[What is a Power of Attorney?]

US Territories Power of Attorney

A Power of Attorney is used to give someone you trust the legal authority to manage your financial, property, and/or legal matters. Often, a Power of Attorney is used to ensure that your affairs will be administered according to your wishes in the event that you become mentally or physically incapable. Alternately, it may be convenient for persons who will be away for an extended period, and unable to personally sign documents or make financial and property decisions.

Simply answer the questions below to personalize your Power of Attorney

This form has not been reveiwed by an attorney specializing in the laws of the U.S. Territories. You should speak with a lawyer in your jurisdiction to ensure it is valid for your purposes.

Governing Jurisdiction:

Governing Jurisdiction:
This is where the Power of Attorney will actually be used - in other words, the physical location of the property or assets that are being controlled.

Principal's Contact Information:

Principal's Contact Information:
The Principal is the person who is granting the powers.

Attorney-in-Fact Details:

Attorney-in-Fact Details:
Each person whom the Principal is granting powers to is called an Attorney-in-Fact, or Agent, depending on the jurisdiction. If you choose two, they can make decisions "jointly" (MUST have consent of other Attorney-in-fact) or "jointly and independently" (do not require consent of the other Attorney-in-fact to make decisions).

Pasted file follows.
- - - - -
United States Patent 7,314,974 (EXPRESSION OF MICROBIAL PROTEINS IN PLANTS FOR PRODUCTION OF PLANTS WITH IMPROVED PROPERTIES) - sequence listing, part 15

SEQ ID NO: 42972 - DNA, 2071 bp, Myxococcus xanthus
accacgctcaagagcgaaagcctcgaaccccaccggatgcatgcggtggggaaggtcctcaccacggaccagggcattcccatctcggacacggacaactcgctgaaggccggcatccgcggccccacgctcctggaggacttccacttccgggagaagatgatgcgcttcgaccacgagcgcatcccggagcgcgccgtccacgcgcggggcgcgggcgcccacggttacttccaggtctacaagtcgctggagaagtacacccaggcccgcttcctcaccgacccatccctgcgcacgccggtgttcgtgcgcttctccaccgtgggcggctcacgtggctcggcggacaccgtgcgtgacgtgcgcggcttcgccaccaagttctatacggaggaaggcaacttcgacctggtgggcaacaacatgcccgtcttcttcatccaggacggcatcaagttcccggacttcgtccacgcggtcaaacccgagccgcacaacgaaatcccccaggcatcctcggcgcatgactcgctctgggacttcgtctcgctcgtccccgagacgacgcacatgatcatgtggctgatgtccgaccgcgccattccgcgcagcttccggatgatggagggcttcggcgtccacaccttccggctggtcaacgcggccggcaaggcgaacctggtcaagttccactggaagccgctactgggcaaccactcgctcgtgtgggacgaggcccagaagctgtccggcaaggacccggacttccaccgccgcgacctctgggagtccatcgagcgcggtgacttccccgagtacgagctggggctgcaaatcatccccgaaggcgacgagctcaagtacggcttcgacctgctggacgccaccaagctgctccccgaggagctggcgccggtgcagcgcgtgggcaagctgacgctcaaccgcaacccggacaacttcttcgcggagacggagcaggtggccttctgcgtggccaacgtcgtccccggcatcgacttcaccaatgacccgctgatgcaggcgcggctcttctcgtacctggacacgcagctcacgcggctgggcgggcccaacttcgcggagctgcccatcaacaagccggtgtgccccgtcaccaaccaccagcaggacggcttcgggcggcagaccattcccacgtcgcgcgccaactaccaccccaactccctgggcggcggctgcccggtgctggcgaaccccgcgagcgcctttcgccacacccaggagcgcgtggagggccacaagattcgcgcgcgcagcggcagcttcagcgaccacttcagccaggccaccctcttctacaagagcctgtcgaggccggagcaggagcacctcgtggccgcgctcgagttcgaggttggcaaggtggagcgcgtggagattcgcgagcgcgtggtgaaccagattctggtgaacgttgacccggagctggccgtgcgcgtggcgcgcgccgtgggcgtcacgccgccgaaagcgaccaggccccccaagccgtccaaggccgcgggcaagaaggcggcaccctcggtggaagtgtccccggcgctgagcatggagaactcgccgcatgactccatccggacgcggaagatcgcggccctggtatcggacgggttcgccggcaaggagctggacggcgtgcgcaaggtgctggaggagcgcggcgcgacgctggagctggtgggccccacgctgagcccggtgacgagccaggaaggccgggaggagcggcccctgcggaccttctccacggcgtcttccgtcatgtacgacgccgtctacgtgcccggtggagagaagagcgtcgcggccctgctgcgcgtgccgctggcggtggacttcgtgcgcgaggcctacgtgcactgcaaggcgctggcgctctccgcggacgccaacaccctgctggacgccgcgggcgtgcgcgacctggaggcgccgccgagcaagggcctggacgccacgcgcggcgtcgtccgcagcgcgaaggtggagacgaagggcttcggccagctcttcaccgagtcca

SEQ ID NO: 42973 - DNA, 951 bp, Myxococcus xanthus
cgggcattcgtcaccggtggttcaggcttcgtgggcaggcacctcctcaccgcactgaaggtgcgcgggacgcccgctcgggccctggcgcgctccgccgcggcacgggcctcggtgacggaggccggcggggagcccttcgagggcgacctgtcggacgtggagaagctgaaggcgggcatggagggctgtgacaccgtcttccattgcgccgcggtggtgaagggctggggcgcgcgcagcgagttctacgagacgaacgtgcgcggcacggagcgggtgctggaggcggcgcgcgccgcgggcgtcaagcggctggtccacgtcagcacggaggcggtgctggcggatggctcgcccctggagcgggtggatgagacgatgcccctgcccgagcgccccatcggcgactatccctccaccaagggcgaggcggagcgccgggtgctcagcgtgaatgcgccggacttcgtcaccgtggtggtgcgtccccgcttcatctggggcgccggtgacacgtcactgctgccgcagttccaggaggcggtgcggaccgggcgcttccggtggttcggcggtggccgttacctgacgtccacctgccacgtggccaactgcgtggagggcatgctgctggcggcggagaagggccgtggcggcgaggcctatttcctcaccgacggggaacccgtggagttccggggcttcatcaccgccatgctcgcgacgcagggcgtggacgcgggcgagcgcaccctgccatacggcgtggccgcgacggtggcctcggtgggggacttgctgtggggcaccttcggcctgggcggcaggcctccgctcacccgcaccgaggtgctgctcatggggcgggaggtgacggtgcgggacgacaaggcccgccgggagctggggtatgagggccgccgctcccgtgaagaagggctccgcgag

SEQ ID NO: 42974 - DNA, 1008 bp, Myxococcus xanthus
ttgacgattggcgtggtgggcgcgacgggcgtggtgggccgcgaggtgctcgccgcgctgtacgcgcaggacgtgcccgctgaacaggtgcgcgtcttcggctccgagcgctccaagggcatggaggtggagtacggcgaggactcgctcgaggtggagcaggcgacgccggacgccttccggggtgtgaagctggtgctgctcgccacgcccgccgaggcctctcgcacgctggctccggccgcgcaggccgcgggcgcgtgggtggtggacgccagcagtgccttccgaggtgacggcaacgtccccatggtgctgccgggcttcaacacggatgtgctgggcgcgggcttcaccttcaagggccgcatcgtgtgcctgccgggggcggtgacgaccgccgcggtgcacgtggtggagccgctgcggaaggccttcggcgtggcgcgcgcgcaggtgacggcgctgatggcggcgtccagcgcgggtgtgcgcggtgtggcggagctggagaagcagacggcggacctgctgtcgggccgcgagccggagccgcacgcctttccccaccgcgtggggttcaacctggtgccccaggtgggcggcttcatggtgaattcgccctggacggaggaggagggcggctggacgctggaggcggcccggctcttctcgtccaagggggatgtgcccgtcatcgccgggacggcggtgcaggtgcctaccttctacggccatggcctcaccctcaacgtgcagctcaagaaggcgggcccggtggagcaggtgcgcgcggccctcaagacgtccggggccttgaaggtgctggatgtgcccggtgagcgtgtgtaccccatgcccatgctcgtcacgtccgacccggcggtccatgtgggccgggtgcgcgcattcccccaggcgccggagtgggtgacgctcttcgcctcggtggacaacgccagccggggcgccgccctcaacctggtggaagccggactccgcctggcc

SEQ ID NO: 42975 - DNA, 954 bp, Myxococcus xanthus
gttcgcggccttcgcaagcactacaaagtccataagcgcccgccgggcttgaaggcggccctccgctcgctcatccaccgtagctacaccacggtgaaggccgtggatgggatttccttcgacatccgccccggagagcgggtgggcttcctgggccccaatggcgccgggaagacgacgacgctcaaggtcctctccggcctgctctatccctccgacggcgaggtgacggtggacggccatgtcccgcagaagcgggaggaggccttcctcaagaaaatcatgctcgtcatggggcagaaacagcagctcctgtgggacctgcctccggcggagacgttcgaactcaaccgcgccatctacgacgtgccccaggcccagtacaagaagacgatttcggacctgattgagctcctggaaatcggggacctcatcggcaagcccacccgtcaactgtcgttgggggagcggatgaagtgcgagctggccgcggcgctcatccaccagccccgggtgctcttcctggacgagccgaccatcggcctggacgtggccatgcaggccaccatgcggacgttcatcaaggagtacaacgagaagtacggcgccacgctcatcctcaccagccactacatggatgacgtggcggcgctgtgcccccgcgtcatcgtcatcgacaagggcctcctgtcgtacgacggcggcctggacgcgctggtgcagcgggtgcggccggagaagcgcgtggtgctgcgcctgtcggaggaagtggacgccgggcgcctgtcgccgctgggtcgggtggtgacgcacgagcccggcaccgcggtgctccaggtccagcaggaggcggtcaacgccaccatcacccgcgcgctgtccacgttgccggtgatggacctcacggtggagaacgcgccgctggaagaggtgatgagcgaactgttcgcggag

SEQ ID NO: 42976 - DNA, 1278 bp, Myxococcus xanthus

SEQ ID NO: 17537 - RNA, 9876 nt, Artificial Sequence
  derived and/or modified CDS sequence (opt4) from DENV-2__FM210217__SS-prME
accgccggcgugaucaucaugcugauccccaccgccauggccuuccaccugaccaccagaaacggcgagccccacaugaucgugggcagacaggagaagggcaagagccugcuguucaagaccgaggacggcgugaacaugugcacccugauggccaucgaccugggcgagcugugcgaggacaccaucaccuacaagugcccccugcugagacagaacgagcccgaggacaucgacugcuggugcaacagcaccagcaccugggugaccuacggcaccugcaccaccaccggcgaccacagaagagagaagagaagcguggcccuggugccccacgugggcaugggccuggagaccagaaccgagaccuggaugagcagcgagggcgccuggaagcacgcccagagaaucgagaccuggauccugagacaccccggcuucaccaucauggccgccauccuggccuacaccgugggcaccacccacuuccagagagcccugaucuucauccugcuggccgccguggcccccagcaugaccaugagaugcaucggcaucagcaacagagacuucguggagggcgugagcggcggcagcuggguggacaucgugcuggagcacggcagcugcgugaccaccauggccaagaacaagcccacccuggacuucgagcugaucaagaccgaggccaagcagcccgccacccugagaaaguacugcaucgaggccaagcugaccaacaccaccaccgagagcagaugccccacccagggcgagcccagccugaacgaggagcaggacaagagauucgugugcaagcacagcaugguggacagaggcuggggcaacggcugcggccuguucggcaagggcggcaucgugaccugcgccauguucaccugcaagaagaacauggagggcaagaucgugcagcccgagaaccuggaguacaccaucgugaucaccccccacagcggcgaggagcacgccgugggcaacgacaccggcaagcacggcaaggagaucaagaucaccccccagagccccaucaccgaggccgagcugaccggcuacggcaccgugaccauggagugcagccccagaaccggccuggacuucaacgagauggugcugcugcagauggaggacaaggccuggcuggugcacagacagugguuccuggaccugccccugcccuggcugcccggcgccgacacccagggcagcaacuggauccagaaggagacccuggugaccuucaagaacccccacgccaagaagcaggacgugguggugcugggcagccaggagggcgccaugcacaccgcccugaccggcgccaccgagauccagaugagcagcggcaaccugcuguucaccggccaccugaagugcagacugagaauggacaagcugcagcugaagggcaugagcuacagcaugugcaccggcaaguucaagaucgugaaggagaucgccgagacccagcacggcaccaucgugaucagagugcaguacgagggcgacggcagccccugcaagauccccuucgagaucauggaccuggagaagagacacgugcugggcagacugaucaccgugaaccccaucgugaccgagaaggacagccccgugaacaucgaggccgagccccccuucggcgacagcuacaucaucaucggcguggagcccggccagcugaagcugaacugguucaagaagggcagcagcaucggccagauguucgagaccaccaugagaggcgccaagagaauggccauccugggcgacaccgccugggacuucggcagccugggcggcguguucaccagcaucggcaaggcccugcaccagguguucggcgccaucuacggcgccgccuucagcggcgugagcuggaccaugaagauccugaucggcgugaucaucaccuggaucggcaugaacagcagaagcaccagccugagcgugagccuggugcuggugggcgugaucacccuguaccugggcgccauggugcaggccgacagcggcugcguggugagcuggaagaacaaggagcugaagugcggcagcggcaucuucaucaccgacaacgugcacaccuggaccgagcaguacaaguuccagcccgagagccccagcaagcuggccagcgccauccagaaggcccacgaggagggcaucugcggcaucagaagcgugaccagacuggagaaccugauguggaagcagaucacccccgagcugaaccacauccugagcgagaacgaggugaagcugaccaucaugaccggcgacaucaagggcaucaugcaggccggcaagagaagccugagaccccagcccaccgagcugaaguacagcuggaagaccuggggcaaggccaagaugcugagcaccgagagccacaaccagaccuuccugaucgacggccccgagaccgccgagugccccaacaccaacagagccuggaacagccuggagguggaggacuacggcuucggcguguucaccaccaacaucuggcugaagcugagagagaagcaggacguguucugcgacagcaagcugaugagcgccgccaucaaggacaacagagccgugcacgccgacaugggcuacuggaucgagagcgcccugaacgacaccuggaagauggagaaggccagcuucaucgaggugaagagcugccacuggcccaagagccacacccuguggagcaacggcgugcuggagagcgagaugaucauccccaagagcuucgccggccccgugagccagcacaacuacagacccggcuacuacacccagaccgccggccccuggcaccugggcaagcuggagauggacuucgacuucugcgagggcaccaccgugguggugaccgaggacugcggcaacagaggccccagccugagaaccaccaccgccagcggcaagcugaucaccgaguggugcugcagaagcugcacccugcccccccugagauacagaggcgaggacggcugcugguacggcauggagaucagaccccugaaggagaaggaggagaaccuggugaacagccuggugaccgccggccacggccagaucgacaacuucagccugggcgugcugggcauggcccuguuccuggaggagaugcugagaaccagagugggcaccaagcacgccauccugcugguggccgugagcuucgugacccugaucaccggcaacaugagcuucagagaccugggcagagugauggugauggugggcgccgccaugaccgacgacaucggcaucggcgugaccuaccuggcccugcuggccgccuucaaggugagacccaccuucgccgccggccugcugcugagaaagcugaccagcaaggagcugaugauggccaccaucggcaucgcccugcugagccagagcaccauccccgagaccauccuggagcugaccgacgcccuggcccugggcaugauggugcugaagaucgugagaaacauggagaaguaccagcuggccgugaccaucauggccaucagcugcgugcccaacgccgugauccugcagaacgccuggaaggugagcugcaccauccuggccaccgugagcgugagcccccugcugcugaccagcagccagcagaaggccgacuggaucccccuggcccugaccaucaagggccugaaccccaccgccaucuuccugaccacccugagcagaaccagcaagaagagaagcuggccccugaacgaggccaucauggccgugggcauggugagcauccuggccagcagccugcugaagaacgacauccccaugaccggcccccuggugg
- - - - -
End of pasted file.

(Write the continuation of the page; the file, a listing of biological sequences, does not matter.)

Attorney-in-Fact Contact Information:

First Attorney-in-Fact Contact Information:


Second Attorney-in-Fact Contact Information:


Successor Attorney-in-Fact Details:

Successor Attorney-in-Fact Details:
If your Attorney(s)-in-Fact are unwilling or unable to exercise their powers, the Successor Attorney(s)-in-Fact will be able to exercise them.

Successor Attorney-in-Fact Contact Information:

First Successor Attorney-in-Fact Contact Information:


Second Successor Attorney-in-Fact Contact Information:


Delegation of Authority:


Attorney-in-Fact Compensation/Benefits:


Power of Attorney Duration:

Power of Attorney Duration:
A Durable Power of Attorney will remain effective if you lose mental capacity. It can come into effect immediately, or only once you become incapacitated. A non-Durable Power of Attorney will automatically end upon your incapacitation, or at a time you specify.

Determination of Incapacity:


Powers Granted:

Limited Powers:

Additional Powers:


Attorney-in-Fact Responsibilities/Restrictions:

Attorney-in-Fact Responsibilities / Restrictions:
A guardian is somebody who physically cares for and has custody of a disabled adult, whereas a conservator manages their property and affairs. Often, one person takes on both roles.

Signatures Required:


Date of Signing, if known:


Place of Signing: